• Pacific – Vancouver, Seattle, San Jose, Los Angeles, Anaheim, Las Vegas, Arizona, Colorado
  • Central – Calgary, Edmonton, Winnipeg, Minnesota, Chicago, St. Louis, Dallas, Nashville

Yes, it still sucks that Quebec City doesn’t have a replacement team. The flights from Alberta to Texas and Tennessee for division games would be brutal. Expansion would put the tally at 32 NHL teams, which is a sort of magical number from a scheduling standpoint regardless of sport. I wouldn’t expect that to grow for many years after this expansion round.

The Las Vegas venue will probably be the MGM-AEG arena, under construction along the Strip near the New York-New York casino.

The Minnesota Department of Revenue reported that the sales tax impact from hosting the All Star Game this year was $21-55 million, well short of the projected $75 million windfall. (h/t Field of Schemes)

—-

The cities of St. Petersburg and Tampa, which are rivals and neighbors the same way San Francisco and Oakland are on the West Coast, may be ready to work out a deal in which Rays ownership could scope out potential ballpark sites in Tampa. St. Pete’s Tropicana Field is the current home. There’s a long way to go before everyone’s satisfied, so don’t get your hopes up yet and follow Noah Pransky’s excellent Shadow of the Stadium blog for more details.

—–

A profile of Ron Gobbell is available at The Tennesseean. Who is Ron Gobbell? He’s the lead architect for the Nashville Sounds new AAA ballpark, First Tennessee Park. The article includes key milestones. FTP is slated to open next April 17.

——

Jon Streeter, the attorney for Keker Van Nest who negotiated the A’s new lease agreement for the JPA, today was appointed judge of the State Appeals Court 1st District by Governor Jerry Brown.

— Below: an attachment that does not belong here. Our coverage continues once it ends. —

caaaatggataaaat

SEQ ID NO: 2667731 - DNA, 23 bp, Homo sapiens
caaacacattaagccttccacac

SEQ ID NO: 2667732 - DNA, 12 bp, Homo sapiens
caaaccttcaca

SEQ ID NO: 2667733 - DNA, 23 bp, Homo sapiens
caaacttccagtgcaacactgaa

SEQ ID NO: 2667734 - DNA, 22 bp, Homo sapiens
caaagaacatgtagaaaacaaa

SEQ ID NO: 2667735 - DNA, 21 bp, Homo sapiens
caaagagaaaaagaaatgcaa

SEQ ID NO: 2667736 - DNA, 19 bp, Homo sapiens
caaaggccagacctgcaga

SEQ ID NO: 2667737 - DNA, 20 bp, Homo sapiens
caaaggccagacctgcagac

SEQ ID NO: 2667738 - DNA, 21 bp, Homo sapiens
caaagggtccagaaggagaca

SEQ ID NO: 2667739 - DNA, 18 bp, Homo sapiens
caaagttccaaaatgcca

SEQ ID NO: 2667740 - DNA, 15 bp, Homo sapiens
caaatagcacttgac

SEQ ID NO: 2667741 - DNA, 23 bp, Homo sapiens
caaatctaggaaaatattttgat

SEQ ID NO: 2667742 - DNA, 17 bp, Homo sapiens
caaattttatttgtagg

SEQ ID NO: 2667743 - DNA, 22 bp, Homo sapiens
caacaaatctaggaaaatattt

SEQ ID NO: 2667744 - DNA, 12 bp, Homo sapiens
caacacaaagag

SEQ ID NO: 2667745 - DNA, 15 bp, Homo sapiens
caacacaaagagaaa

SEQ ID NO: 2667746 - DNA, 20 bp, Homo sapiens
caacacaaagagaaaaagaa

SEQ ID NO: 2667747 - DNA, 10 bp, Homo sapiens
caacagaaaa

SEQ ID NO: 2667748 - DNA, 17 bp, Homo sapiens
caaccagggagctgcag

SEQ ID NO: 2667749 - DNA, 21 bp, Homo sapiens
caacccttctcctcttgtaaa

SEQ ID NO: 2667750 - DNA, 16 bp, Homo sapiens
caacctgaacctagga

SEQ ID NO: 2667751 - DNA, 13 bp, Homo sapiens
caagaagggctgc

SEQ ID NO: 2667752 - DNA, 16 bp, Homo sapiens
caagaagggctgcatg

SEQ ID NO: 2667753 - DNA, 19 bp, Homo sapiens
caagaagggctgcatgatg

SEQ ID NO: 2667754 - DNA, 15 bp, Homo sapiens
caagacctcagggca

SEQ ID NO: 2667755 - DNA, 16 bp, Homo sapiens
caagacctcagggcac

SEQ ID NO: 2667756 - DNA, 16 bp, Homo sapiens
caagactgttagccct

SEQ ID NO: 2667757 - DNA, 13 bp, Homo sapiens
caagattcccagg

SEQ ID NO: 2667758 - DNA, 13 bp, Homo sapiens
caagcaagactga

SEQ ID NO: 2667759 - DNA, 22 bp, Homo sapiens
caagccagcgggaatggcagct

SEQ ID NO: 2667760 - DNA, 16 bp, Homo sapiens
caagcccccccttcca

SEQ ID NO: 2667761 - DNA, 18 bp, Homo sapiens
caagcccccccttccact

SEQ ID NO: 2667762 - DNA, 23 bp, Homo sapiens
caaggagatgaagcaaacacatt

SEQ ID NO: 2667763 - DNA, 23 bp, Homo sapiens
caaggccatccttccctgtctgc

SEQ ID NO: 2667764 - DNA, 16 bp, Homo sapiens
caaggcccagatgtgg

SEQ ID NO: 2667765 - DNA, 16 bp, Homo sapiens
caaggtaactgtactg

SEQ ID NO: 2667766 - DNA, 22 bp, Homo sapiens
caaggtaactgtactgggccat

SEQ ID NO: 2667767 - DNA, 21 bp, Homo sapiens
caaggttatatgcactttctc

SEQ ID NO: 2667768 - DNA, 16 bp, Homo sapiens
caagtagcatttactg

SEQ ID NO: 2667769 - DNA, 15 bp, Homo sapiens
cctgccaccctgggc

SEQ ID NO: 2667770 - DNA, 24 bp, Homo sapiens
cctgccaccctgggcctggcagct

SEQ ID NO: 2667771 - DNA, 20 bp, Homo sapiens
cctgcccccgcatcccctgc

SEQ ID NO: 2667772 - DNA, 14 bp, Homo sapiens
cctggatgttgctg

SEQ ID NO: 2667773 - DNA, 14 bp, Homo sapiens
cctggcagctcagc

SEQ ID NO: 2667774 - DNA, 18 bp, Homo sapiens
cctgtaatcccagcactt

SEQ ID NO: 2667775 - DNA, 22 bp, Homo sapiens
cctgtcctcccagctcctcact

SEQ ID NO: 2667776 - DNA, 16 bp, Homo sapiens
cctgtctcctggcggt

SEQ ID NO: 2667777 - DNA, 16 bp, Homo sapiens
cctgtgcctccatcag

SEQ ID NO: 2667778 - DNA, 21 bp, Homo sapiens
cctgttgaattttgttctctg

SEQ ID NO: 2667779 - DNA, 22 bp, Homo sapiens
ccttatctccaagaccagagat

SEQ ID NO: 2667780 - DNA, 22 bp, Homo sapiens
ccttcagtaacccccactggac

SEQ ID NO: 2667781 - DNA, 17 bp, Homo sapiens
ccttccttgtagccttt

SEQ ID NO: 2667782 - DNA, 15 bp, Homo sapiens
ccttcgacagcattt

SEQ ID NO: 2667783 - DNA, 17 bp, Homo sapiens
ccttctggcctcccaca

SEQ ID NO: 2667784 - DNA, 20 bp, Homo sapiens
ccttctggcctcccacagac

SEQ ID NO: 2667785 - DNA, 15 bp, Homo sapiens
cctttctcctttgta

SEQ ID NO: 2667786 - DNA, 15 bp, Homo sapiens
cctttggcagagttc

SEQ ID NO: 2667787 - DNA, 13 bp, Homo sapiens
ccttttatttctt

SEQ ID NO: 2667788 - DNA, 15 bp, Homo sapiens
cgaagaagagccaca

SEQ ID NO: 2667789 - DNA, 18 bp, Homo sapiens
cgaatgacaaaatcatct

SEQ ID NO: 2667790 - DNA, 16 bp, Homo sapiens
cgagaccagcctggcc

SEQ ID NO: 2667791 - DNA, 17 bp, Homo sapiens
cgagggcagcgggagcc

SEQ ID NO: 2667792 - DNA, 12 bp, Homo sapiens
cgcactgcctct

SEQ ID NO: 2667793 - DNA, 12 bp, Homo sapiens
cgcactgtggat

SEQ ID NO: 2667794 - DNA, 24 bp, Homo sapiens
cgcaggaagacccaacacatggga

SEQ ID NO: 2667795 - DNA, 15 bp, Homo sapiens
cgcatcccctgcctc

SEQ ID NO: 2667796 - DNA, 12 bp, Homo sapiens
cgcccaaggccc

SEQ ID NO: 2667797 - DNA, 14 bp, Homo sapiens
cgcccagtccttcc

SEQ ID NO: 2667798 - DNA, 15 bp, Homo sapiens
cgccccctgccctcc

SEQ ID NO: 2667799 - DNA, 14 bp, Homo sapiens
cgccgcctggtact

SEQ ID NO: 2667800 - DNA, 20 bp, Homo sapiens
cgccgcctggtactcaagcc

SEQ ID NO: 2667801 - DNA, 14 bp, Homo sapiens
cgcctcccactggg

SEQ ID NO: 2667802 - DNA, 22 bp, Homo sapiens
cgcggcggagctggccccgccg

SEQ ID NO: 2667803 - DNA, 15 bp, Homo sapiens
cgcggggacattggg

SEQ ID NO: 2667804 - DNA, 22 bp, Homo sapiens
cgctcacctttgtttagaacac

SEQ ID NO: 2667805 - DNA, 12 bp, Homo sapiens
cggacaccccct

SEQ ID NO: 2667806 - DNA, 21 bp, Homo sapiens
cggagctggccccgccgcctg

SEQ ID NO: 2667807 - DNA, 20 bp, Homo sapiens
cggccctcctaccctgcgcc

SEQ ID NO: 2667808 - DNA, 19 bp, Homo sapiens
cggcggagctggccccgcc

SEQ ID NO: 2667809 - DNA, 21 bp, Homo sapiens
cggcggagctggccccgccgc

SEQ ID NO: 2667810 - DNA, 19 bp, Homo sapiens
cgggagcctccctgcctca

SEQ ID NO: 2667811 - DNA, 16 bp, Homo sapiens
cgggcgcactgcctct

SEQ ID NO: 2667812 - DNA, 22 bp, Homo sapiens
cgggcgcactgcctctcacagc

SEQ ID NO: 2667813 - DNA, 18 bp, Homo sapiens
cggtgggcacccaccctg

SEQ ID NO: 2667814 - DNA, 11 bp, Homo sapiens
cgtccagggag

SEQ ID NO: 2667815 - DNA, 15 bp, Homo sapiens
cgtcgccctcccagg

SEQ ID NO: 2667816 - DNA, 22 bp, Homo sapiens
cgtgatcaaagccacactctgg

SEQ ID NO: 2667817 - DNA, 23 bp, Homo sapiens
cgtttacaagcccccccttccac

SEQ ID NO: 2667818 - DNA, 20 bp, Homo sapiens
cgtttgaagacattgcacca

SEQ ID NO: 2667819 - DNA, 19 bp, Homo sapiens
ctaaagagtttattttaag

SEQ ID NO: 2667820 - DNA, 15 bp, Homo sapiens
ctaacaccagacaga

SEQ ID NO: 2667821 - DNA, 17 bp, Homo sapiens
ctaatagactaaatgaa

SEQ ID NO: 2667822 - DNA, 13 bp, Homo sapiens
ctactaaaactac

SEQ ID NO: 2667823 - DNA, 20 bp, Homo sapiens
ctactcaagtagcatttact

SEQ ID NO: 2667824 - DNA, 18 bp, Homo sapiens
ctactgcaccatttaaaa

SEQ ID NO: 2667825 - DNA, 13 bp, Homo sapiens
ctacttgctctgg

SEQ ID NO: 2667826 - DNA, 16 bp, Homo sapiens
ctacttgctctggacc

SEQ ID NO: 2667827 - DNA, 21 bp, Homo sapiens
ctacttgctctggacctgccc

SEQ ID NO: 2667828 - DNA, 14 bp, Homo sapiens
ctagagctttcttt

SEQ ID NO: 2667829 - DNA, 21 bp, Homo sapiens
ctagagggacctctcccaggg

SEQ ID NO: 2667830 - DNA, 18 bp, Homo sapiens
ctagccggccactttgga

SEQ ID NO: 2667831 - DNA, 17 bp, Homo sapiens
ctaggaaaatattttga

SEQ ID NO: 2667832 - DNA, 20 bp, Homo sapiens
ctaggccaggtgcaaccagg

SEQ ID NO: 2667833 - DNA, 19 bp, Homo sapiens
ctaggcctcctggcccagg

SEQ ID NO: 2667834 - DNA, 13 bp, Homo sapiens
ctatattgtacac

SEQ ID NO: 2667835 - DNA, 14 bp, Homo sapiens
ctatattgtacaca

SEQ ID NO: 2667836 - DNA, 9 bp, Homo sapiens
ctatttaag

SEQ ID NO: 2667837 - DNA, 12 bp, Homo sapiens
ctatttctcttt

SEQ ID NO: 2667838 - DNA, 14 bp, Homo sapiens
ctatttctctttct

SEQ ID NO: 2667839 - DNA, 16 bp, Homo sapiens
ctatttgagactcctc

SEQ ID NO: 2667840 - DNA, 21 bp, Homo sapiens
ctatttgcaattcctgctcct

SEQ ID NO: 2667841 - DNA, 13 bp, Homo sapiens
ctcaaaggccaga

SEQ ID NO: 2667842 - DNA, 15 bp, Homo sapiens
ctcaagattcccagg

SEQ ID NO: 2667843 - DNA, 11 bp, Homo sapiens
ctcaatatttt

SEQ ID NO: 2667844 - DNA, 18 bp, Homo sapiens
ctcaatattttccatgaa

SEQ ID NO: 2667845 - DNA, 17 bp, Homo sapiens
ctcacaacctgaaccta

——-

The bowl game scheduled for December 30 at Levi’s Stadium has a new name: Foster Farms Bowl.

fosterfarmsbowl

 

The interim name was San Francisco Bowl. When the game was hosted at AT&T it went by several names, including Kraft Fight Hunger Bowl and Emerald Bowl. Foster Farms isn’t going anywhere, so maybe the name will stick around. As for the bridge iconography, well… I prefer a different logo.

chickenbowl

Election Day 2014

Update 11/5 6:00 AM – 100% of precincts are in and the ranked choice tabulations have been made. The next Oakland mayor is Libby Schaaf, who effectively trounced her rivals at the polls, nearly doubling Incumbent Mayor Jean Quan’s vote total. After RCV was calculated, Schaaf finished the night with 62.79% of the vote. Runner-up was Rebecca Kaplan. Quan was eliminated in the penultimate round.

Measure BB also won with 69.56% of the vote in Alameda County.

Sam Liccardo held on to win the San Jose mayoral job over Dave Cortese, finishing 51-49.

More commentary to come.